(Rapaport… February 4, 2004) President George W. Bush lifted unilateral U.S. sanctions against Sierra Leone and Liberia on January 16, 2004, replacing them with trade restrictions under the Clean Diamond Trade Act. The Act, which is part of an international agreement to curb sales of conflict diamonds, requires diamond dealers to keep records of all diamond shipments and make such records available to U.S. law enforcement authorities.
In contrast, the United Nations Security Council (UNSC) unanimously approved on December 22, 2003, a resolution to renew sanctions against Liberia for another year. The sanctions include a ban on Liberia’s diamond exports, an arms embargo and a travel ban on the country’s leaders. The council did say it would end the diamond ban when the country establishes “a transparent, effective and internationally verifiable certificate of origin regime” for its gems.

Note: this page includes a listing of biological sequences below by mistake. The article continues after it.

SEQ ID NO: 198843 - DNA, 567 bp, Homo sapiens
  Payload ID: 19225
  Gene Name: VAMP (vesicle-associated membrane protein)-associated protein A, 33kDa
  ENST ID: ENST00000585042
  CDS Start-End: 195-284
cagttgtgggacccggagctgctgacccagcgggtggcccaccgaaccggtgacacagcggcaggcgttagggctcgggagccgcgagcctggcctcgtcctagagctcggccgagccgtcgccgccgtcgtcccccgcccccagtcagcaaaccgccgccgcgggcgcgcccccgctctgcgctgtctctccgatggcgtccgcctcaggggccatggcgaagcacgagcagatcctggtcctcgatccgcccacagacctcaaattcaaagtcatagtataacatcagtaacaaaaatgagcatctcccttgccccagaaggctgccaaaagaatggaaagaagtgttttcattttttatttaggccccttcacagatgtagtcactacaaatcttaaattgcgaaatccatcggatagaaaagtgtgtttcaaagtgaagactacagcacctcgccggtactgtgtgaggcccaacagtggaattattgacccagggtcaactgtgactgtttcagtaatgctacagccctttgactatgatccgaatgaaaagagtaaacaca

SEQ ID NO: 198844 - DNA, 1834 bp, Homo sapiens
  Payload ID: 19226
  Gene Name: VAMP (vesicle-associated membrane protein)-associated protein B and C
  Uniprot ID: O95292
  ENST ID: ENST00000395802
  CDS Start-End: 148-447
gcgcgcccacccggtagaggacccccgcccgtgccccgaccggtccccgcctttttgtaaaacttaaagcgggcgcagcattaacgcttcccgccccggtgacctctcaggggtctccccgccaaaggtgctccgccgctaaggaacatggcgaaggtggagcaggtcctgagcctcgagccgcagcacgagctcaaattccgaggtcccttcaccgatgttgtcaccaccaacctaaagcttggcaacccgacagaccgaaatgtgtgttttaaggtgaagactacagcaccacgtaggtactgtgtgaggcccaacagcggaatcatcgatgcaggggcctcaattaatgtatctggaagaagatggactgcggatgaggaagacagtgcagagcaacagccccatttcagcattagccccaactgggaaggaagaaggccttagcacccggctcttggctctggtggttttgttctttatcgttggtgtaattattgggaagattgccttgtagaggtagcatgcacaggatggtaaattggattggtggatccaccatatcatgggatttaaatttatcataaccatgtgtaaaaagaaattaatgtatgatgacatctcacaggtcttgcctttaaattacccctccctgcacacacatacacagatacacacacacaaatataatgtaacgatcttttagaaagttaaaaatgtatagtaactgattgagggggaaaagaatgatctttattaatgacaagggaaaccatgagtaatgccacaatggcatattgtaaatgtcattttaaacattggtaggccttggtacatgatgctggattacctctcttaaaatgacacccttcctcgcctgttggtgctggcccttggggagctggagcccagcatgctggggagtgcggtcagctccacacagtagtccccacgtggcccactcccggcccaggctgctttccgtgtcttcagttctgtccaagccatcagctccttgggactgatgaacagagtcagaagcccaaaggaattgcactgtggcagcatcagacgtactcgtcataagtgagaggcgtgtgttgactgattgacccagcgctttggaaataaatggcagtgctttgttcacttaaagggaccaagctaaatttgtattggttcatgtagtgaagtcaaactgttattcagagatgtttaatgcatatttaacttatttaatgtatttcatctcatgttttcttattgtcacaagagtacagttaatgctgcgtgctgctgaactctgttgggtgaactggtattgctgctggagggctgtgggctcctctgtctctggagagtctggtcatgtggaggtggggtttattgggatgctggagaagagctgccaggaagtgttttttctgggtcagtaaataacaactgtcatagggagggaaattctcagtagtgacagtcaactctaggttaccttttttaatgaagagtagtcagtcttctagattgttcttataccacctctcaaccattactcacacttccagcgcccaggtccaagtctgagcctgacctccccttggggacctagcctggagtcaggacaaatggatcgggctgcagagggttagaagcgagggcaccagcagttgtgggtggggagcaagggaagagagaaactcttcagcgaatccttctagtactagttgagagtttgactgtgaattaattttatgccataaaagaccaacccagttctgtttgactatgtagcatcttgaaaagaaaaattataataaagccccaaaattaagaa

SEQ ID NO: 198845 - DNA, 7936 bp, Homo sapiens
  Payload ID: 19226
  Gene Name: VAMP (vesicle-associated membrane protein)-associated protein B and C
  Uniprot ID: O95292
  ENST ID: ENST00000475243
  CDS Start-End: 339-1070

The UN, World Bank and U.S. are holding a two-day donors conference in New York on February 5, 2004, to try raise $300 million for Liberia’s reconstruction. Colin Powell, U.S. secretary of state, and Kofi Annan, UN secretary-general, are due to deliver speeches on the second day of the meeting, which will also draw representatives from the European Union, Japan, Sweden and Britain.b